Now, voters expect `changes' // And USA is making its list

  Patricia Edmonds


  USA Today


  Page 04A

  (Copyright 1992)


  Voters' one-word ultimatum - CHANGE - evoked a two-word response: Clinton-



  Now, it's time to elaborate.


  The electorate that chose Gov. Bill Clinton and Sen. Al Gore is clearly restless,

  but hardly directionless.


  After giving President Bush and Vice President Quayle their walking papers,

  voters are ready to give Clinton and Gore marching orders.


  ``Sweeping changes,'' demands Tommy Bennett, 33, a housekeeper at a Chicago

  hospital. ``More jobs, better housing, better education.''


  Tuesday's election of Clinton and Gore - a choice of baby boomers, by baby

  boomers - made it clear that some issues no longer cut deeply as they might have

  a generation ago:


  - Admissions of marijuana-smoking, by both men.


  - Gore's service - and Clinton's lack of it - in Vietnam.


  ``People are willing to overlook those issues because we've come to realize that it

  will be impossible for anyone to get involved in public life if they're judged by

  everything they did in their youth,'' says Beth Wittcoff, 37, a homemaker and

  government activist in Southborough, Mass.


  Wittcoff did judge Clinton, and gave him her vote, based on other, present- tense

  issues. She wants ``new direction on health care, and public works programs that

  will put people back to work.''


  ``Everyone's saying how he has to make his move in the first 100 days, but I'm

  willing to give him more time,'' she says. ``You can't turn around 12 years of the

  Reagan-Bush administration in a few months.''


  Ask John Hilliard what he wants from Clinton-Gore, and he begins, ``I know

  what I don't want. I've seen it'' under Reagan and Bush.


  ``I don't want trickle-down economics, an indifferent environmental policy, an

  anti-feminist agenda ... and a humongous disregard for middle- class citizens,''

  says Hilliard, 24, who works at a coffee shop in Cleveland Heights, Ohio.


  Hilliard wants Clinton to ``move very, very quickly on environmental issues. I'd

  also like to see him, with his wife's input, do more about women's issues.''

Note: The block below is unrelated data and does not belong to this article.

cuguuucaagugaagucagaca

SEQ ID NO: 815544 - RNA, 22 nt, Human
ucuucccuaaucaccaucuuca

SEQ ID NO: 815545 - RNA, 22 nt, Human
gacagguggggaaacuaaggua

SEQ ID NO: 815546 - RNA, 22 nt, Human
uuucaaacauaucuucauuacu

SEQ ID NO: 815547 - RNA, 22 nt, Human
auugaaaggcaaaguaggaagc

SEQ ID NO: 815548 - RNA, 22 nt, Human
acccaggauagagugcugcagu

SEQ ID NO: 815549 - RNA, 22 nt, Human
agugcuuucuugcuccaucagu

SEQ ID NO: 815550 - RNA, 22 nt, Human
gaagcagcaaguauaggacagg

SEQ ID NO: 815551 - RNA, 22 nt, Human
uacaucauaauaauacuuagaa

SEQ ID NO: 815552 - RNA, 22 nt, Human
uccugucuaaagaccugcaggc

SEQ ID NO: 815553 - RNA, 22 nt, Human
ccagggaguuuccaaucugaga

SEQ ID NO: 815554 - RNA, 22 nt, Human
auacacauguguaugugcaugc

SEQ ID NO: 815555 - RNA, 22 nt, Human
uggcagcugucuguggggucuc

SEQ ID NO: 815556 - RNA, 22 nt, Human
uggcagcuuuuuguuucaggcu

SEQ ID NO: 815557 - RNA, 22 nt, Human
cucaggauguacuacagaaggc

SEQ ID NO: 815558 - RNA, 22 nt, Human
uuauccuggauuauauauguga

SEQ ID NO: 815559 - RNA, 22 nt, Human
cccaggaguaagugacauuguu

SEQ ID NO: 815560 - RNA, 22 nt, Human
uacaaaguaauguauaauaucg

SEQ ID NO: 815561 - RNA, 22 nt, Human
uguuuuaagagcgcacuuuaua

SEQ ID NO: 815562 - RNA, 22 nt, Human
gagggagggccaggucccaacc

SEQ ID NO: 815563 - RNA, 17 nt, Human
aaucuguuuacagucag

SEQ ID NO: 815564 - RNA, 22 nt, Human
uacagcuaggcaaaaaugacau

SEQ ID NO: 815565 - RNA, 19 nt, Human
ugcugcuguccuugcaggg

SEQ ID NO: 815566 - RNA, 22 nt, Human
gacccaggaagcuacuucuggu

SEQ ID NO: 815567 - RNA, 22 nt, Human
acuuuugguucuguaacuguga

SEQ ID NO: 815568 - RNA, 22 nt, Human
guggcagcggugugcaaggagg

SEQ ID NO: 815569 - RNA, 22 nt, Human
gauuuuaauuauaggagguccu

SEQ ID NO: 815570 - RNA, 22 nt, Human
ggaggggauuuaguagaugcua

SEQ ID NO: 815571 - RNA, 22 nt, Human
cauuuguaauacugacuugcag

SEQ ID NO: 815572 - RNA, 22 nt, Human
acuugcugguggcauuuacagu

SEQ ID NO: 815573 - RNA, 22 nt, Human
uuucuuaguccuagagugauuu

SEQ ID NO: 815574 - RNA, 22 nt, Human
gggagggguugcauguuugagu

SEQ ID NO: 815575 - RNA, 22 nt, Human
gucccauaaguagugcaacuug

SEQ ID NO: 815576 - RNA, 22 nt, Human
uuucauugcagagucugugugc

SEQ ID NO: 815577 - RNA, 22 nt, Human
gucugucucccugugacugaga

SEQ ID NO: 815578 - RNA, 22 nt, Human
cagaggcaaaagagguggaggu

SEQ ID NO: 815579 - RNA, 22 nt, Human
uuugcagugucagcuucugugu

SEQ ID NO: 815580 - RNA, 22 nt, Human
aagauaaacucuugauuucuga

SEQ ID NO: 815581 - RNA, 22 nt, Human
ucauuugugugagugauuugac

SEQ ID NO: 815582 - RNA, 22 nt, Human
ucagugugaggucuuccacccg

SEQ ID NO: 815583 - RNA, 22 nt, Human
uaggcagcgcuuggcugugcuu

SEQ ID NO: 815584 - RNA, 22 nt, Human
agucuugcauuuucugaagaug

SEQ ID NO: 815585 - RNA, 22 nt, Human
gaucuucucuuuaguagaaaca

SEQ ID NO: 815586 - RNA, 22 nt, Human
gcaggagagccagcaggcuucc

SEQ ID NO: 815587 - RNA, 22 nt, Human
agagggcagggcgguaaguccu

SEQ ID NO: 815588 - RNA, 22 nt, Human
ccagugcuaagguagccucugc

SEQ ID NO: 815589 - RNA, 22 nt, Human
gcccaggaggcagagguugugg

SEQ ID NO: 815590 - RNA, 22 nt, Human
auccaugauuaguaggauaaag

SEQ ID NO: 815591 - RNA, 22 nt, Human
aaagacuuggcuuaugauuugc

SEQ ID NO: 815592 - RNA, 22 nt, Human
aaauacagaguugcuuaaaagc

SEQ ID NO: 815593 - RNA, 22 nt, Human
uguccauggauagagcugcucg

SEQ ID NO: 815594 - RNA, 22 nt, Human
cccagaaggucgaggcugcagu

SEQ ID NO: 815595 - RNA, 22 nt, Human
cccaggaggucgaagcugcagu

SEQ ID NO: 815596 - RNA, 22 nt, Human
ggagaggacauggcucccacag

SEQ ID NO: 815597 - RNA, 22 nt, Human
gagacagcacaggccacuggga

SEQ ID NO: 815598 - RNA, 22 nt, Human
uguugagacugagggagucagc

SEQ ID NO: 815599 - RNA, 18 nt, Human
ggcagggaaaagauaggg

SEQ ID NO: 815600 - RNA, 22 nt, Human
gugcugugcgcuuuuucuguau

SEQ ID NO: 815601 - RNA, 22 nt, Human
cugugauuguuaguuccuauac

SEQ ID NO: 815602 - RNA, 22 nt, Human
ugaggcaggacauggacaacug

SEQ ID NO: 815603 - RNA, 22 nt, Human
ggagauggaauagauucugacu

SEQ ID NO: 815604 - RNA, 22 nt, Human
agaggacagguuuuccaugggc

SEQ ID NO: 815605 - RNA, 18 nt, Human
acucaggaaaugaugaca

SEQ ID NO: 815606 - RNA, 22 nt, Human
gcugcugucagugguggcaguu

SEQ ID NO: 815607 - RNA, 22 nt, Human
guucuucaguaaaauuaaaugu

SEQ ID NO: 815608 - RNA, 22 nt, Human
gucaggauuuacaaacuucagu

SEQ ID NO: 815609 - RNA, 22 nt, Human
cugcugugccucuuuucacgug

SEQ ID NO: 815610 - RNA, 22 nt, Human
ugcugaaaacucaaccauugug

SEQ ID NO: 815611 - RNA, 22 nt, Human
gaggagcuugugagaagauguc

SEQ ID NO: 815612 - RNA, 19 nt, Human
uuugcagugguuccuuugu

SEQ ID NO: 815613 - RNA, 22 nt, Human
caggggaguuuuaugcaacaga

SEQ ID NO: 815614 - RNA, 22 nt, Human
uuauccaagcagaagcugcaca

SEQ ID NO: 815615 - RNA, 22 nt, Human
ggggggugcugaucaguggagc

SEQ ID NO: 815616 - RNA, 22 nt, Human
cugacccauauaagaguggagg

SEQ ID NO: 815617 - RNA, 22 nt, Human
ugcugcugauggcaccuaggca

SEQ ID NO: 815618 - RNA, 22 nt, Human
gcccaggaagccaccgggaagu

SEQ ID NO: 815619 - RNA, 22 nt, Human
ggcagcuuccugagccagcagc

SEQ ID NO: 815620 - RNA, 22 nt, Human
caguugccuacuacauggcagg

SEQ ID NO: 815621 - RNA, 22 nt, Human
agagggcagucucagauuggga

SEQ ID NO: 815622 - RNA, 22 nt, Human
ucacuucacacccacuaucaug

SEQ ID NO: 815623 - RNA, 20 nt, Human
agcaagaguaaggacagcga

Coffee shop patron Joshua Friedman, 25, chimes in that the young people

  Clinton and Gore inspired to vote will expect the new administration to improve

  their job outlook.


  ``There are lots of college graduates around here who can't get a job to pay off

  their student loans,'' Friedman says.


  Bonnie Maxwell, manager of a San Francisco employment agency, has watched

  jobs dwindle and salaries drop.


  ``It's going to take a while, and we have to go through a huge healing process,

  but under Clinton, things will be so much better,'' Maxwell says. ``People

  coming in today seem relieved.''


  Sonya Nash's first-ever presidential vote helped put Clinton-Gore over the top.

  But the next day Nash, 21, admits, ``I don't have my cheerleader suit on'' about

  the new team.


  ``I feel a little optimistic but also a little scared,'' says the Houston clothing store

  assistant manager. ``Because you have the feeling that once they're in office, they

  tend to be the same as the others.''


  Michael Elliott, a cobbler in Plantation, Fla., says Clinton can't act soon enough

  to address crises in the nation's economy and schools: ``As soon as the man takes

  office, he needs to instill new policies.''


  Los Angeles metal worker Kenneth Kneeler, 56, says Clinton ``should work with

  the new Congress, get rid of the gridlock. But what I want him to do and what I

  expect him to do are two different things.''


  He says his vote for Clinton was mostly a vote against Bush. But at least, he

  says, ``It's a change. And if we don't like him, we can get rid of him in four



  For Los Angeles actor Danny Portnoff, the need for change is so acute that ``I

  want to assume (Clinton) is the right man for the job.''


  Philadelphia carriage driver John Katulka agrees: ``Clinton has a rare opportunity

  - the people of this country are ready to accept just about anything he does



  But Katulka, who voted for Ross Perot, warns that change-hungry Americans

  may be short on patience. He urges Clinton to ``change things right away'' or risk

  the wrath of voters.


  Contributing: Kevin Johnson, John Larrabee, Jonathan T. Lovitt , Haya El

  Nasser, Lori Sharn, Deborah Sharp.


  CUTLINE:WHAT HE WANTS: John Hilliard, 24, who works at a coffee shop

  in Cleveland Heights, Ohio, wants Clinton to move quickly on the environment

  and women's issues, and think about the middle class. CUTLINE: Tommy

  Bennett, employee at Chicago hospital

  PHOTO;b/w,Tony Dejak,AP;PHOTO;b/w,Jonathan Kirn,AP